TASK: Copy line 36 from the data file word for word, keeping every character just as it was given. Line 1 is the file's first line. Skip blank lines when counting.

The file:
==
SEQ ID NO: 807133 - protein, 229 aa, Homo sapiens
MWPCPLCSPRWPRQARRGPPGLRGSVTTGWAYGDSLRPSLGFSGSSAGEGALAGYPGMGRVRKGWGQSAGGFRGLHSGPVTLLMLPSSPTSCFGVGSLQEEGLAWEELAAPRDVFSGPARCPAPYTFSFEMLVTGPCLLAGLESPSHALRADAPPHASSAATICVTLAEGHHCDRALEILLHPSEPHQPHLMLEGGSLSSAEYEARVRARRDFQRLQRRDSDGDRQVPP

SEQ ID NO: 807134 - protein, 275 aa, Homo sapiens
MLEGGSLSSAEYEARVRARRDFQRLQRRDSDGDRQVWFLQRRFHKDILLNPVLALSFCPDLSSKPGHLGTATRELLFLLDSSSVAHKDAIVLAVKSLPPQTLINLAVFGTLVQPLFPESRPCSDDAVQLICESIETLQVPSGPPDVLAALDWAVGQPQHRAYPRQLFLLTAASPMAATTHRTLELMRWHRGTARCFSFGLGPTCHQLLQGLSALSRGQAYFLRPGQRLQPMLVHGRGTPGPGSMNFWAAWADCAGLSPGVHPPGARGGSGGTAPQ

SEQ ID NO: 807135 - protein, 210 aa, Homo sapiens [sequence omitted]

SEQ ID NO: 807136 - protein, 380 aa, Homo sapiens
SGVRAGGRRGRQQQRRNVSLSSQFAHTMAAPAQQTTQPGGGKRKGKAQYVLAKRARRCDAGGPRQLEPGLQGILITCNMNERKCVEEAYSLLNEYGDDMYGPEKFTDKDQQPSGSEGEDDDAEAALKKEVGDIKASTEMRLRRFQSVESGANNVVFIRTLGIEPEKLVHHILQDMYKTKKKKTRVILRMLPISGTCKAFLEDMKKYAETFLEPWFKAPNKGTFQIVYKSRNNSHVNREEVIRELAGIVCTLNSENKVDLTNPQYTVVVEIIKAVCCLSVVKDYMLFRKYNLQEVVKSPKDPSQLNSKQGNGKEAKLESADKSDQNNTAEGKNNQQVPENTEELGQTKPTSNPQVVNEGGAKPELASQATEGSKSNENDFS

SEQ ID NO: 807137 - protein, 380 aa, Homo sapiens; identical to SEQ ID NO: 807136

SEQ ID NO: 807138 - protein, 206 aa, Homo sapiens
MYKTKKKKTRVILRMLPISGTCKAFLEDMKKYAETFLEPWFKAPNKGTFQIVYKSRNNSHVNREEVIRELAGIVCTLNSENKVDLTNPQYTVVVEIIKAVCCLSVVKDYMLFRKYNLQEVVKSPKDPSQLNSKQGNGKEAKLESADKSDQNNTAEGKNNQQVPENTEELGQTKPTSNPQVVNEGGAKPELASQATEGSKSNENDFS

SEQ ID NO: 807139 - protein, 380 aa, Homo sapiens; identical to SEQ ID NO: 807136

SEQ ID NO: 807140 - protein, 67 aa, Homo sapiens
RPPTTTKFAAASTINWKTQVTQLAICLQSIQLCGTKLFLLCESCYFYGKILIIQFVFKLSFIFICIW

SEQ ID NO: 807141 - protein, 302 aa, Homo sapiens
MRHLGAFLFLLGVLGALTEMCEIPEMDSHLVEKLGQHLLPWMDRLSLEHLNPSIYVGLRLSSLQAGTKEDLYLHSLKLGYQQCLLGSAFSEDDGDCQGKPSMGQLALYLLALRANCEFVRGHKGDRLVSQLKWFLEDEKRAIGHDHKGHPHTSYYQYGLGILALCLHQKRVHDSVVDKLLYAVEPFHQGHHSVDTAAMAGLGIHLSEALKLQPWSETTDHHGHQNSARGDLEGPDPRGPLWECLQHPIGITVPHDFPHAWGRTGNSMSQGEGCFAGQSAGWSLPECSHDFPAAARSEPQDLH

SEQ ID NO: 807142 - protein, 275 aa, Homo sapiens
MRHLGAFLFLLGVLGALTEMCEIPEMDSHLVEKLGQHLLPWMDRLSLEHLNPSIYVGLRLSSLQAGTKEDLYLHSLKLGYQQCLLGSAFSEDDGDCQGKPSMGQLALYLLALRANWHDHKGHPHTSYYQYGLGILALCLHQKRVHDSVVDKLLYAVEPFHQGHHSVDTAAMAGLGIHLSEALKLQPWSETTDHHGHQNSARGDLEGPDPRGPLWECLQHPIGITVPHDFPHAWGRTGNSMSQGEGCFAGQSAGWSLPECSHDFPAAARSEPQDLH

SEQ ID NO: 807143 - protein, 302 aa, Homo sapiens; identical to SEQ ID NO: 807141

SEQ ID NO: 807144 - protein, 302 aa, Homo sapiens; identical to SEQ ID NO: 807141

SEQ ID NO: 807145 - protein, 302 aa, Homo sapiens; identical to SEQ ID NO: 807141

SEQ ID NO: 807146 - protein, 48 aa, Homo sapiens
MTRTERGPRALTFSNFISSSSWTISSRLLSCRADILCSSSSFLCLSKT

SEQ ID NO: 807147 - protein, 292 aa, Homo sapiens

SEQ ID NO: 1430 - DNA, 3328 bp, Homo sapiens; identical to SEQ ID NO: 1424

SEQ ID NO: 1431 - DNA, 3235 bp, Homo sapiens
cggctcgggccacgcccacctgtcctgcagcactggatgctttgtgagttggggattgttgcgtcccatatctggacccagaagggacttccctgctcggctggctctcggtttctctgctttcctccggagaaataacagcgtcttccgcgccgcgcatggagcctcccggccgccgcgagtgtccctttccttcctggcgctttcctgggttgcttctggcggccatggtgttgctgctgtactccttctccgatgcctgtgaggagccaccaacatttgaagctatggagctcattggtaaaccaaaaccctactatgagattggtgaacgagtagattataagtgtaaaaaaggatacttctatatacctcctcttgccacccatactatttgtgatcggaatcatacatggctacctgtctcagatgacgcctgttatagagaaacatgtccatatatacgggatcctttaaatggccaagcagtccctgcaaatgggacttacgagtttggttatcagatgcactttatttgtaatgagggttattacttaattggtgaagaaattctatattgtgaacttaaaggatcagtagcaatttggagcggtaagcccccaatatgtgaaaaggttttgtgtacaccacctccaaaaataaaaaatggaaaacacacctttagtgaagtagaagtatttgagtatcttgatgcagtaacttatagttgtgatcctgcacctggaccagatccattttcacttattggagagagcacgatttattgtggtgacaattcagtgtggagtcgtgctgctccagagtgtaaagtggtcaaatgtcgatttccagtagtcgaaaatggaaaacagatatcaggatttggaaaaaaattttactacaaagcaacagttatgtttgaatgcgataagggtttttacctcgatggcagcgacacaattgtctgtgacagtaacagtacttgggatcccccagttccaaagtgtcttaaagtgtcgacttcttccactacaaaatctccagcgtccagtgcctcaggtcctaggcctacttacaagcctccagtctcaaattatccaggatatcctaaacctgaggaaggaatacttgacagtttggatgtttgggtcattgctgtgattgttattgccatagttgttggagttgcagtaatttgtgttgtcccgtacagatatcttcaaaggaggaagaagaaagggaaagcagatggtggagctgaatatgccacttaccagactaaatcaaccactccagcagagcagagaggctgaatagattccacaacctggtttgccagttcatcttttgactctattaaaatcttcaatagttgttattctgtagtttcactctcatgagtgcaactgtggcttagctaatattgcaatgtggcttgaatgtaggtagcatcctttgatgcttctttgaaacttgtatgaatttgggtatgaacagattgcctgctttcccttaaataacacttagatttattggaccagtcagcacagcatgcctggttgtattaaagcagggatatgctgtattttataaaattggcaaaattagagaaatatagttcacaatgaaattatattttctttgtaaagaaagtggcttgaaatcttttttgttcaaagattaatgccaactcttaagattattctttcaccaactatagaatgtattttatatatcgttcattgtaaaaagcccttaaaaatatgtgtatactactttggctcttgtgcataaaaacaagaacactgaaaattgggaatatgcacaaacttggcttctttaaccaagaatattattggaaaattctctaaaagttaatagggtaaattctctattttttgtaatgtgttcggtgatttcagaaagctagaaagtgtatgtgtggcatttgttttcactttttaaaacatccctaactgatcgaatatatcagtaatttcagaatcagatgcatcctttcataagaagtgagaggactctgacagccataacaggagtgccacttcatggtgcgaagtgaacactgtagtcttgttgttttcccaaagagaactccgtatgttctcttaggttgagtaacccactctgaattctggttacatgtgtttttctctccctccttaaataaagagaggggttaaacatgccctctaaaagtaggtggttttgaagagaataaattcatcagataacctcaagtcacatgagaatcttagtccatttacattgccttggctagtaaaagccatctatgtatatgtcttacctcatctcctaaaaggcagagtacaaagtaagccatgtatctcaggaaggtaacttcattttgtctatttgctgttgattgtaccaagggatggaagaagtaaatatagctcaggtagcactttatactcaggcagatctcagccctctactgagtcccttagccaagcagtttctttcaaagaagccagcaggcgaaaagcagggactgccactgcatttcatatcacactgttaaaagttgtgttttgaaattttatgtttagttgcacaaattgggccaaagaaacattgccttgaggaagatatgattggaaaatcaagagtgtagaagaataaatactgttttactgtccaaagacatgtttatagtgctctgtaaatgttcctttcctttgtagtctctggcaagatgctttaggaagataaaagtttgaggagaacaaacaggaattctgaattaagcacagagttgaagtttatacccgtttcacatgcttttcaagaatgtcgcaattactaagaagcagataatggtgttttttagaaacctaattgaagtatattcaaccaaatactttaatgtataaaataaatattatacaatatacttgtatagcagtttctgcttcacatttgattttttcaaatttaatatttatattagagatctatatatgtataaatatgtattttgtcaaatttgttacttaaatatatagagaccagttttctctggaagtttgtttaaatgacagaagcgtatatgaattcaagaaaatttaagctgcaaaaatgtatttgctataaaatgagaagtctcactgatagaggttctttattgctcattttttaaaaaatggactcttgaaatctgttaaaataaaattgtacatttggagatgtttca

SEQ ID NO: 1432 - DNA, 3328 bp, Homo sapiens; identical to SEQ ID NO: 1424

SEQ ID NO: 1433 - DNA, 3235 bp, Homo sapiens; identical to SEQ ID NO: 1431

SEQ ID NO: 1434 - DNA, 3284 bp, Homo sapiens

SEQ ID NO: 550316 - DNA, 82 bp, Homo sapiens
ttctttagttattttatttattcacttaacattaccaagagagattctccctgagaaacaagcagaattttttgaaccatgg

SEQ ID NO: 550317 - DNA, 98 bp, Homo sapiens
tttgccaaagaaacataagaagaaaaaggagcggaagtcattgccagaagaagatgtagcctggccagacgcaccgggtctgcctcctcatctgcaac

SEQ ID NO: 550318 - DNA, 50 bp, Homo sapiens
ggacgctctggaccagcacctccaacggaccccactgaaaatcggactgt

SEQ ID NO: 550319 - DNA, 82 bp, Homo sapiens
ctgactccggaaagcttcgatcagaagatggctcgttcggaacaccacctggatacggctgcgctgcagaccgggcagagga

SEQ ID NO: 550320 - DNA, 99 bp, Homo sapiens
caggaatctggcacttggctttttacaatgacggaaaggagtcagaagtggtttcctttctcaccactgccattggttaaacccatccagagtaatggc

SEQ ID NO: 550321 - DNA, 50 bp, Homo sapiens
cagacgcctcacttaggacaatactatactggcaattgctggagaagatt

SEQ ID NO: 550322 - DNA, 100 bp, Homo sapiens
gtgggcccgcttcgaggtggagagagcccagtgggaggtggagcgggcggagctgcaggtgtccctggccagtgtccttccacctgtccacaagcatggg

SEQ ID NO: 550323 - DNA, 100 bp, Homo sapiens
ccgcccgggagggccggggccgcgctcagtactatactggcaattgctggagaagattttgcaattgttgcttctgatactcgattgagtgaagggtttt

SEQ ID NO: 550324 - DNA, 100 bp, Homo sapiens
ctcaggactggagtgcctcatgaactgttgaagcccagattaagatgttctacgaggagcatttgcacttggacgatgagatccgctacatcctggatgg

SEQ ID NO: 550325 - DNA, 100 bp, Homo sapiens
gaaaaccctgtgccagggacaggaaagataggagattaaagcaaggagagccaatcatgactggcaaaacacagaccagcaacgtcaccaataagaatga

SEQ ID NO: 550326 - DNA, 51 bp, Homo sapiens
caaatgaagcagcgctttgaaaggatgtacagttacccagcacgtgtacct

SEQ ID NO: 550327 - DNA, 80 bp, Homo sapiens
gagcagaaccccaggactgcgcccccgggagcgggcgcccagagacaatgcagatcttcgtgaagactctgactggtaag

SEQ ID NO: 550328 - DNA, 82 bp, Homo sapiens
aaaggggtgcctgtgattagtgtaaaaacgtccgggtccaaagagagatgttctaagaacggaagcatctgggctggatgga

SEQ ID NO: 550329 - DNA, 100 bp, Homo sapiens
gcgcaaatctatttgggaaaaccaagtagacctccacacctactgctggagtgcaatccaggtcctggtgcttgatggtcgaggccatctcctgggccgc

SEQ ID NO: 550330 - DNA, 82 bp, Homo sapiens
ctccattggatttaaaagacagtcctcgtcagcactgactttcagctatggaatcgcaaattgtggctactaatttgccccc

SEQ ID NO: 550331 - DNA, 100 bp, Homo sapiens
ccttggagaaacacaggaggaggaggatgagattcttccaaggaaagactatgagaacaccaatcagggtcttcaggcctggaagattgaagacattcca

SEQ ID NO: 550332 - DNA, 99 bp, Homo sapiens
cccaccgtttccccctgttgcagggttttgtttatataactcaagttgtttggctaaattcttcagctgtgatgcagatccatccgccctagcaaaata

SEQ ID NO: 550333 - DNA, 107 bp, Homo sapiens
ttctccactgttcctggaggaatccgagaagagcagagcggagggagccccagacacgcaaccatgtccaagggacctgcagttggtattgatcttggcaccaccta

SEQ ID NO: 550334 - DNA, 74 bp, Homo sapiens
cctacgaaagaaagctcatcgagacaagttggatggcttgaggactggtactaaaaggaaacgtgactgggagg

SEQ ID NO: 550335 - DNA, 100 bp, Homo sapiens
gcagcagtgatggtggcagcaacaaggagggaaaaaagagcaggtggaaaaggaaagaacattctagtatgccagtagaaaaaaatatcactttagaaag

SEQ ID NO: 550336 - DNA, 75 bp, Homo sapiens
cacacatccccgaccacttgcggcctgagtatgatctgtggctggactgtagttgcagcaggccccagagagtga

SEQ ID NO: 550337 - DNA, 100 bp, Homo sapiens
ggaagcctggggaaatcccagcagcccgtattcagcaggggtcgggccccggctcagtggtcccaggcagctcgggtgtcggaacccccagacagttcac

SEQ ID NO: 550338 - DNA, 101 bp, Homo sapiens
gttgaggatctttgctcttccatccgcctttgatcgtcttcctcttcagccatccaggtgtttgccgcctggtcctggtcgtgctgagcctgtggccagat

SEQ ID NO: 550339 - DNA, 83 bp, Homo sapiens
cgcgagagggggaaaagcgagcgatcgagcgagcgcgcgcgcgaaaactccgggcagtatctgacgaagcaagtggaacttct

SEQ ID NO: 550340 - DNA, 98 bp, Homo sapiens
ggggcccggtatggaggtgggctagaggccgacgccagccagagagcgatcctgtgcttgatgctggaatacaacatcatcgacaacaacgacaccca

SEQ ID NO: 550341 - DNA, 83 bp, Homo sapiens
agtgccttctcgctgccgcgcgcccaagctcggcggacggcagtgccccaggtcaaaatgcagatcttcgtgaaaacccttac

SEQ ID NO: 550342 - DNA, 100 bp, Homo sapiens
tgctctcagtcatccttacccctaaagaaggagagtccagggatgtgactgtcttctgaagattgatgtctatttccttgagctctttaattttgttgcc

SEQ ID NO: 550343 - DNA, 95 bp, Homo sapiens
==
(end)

SEQ ID NO: 550319 - DNA, 82 bp, Homo sapiens